English Folk Culture (and a bit about Napoleon)


After my recent post on defining Englishness I’ve just come across the work of Sarah Barber who is developing research on defining English Folk Culture addressing some of the methodological issues in defining what we mean by ‘folk culture’. I am not sure I entirely agree with some of the working definitions she is using, but its useful to see someone attempting to define ‘folk’ as cultural category of analysis(as opposed to what has now become an aesthetic genre). I think her attempt to define ‘folk’ as a relationship between the individual and the collective is a useful approach and avoids sterile arguements about what is inside or outside the folk tradition.

Its important to distinguish the search for a working definition of ‘folk’ as different from a working definition of Englishness (if such a slippery subject can be defined). There is no direct or easy equation of English folk culture with ‘Englishness’, which is often defined using exampla drawn from a range of sources from Imperial History, the Anglican church (bells and smells or happy clappy) and other criteria derived from middle class culture. Indeed the search for Englishness might be defined as a particuarly middle class neurosis. Folk culture, however, makes an overt reference to national identity and in many cases, particularly in the musical tradition, drawns on radical and republican discourses that are inherently anti-Nationalistic. For example, there is a fascinating tension in the depiction of Napoleon and the French Revolution in English folk song; compare the words of The Liberty Tree

It was the year of ’93
The French did plant an olive tree
The symbol of great liberty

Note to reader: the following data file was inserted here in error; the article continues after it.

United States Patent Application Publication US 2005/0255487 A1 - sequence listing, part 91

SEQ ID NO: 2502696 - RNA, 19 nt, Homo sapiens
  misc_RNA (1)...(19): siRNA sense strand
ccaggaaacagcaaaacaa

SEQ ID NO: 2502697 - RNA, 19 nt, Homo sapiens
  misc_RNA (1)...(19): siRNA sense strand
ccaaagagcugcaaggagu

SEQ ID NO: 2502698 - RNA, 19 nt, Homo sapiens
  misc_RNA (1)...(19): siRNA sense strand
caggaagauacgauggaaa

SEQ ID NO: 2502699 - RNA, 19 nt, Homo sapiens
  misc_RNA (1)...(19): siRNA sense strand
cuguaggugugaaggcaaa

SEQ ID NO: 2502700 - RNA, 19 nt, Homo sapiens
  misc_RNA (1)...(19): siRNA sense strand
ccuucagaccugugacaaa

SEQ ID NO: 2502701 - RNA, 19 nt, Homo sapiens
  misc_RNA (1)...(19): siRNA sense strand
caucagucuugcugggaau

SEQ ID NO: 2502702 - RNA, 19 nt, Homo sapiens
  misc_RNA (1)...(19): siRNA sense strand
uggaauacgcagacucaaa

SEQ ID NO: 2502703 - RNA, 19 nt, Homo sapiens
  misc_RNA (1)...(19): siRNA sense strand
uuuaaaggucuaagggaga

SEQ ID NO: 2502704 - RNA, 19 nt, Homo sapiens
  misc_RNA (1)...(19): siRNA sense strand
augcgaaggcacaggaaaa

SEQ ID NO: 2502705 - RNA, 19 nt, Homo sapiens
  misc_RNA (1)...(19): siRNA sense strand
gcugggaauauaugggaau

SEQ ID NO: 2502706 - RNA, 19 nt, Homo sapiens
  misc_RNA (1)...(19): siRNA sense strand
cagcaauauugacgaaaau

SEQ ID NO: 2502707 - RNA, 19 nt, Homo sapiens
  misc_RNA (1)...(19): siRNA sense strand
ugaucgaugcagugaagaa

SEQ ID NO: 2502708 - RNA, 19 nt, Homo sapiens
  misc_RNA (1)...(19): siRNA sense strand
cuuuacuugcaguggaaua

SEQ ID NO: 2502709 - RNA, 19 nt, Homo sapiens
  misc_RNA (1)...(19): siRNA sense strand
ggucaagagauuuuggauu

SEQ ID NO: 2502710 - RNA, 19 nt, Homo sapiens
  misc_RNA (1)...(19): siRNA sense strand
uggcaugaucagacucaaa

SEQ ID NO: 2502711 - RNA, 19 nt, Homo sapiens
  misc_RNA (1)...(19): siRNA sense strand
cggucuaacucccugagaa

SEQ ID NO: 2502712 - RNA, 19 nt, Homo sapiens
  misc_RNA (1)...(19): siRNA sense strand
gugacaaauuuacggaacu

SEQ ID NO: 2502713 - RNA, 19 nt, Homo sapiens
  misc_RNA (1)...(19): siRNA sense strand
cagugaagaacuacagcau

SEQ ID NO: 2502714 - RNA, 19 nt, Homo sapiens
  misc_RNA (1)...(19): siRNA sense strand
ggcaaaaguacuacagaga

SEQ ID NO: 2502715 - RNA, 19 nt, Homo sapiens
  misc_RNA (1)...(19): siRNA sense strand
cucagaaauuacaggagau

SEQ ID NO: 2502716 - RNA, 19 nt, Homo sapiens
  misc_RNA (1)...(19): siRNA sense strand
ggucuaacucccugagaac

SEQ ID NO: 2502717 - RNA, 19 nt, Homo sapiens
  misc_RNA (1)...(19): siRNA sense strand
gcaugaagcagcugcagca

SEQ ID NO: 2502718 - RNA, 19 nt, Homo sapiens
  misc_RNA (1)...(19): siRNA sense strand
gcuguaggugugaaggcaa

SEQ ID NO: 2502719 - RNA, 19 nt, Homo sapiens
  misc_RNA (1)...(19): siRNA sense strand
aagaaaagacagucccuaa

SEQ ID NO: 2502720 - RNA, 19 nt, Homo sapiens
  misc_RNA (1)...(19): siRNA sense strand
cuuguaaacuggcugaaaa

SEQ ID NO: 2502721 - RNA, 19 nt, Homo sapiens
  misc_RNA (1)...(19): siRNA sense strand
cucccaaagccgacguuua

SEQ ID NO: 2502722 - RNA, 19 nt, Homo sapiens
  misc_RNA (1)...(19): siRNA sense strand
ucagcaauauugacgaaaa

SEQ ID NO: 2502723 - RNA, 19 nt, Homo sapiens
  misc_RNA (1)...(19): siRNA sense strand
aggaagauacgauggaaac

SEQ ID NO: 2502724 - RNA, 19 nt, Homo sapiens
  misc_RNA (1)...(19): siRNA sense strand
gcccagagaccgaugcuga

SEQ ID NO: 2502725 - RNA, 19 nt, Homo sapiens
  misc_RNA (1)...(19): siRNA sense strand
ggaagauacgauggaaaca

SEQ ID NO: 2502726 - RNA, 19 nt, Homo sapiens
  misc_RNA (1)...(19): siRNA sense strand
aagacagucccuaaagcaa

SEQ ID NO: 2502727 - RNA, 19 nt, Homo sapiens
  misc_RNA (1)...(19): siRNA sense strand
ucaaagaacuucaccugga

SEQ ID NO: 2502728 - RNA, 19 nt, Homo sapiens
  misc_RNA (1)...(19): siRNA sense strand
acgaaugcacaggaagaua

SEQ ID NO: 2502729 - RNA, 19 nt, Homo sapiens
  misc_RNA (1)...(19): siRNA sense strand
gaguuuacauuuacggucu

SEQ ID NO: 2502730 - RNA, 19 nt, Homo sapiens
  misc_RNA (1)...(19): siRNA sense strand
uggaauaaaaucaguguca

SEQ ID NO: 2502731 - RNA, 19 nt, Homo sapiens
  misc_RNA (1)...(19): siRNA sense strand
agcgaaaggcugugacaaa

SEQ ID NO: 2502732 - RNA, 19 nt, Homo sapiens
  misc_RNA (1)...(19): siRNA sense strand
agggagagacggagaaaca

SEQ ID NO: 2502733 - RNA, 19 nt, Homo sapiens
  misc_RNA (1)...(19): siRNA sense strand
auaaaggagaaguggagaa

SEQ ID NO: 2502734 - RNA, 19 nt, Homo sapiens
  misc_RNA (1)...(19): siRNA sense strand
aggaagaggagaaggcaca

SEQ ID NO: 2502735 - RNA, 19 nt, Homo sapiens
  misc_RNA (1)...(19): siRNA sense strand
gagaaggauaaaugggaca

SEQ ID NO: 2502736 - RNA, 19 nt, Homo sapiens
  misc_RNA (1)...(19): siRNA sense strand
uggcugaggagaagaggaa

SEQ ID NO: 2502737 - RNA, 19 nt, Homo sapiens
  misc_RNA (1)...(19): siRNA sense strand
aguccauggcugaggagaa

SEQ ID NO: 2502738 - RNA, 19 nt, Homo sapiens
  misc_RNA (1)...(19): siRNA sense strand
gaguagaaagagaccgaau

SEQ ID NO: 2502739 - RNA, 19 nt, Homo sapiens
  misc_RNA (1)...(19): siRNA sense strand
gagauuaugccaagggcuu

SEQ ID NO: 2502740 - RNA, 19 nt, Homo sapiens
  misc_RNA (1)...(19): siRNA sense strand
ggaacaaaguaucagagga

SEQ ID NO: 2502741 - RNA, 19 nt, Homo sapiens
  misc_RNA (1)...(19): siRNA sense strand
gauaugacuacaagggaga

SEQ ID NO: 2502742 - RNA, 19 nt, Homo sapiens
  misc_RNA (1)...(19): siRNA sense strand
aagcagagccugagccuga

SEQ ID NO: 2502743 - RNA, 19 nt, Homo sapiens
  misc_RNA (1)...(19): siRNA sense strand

And the people danced around it
O was not I telling you
The French declared courageously
That Equality, Freedom and Fraternity
Would be the cry of every nation

with

Come listen every lord and lady, squire, knight and stateman,
I’ve got to sing a little song about a very great man;
And if the name of Bonapart should mingle in my story,
It’s with all due submission to his honour’s worship glory.
He fell in love with Egypt once because it was the high road
To India for himself and friend to travel by a nigh road,
And after making mighty fuss and fighting night and day there,
‘Twas monstrous ungenteel of us who wouldn’t let him stay there

Though to be fair, I wonder how many of the pro-Boney songs are from the Irish rather than English tradition. Its also worth mentioning my favourite lyric

My uncle, Captain Flanigan,
Who lost a leg in Spain,
Tells stories of a little man
Who died at St. Helene;
But bless my heart, they can’t be true,
I’m sure they’re all romance;
John Bull was beat at Waterloo!
They’ll swear to that in France

ANYWAY….coming back to Sarah Barber’s work, on far more trivial matter, I was pleased to see that one of her interviewees was on Joseph Porter drummer, lead singer and song writer of one of the words greatest bands, Blyth Power (named after a Class 56 diesel don’t you know), possibly the only band to have ever written song about Graf von Tilley, the 30 Year War and the Battle of Breitenfeld!

Published by David Petts

Assc. Prof Archaeology, Durham University - landscapes - old music/books - folk traditions - early med Britain - community heritage - post-medieval - views own @davidpetts1 outlandish-knight.blogspot.co.uk

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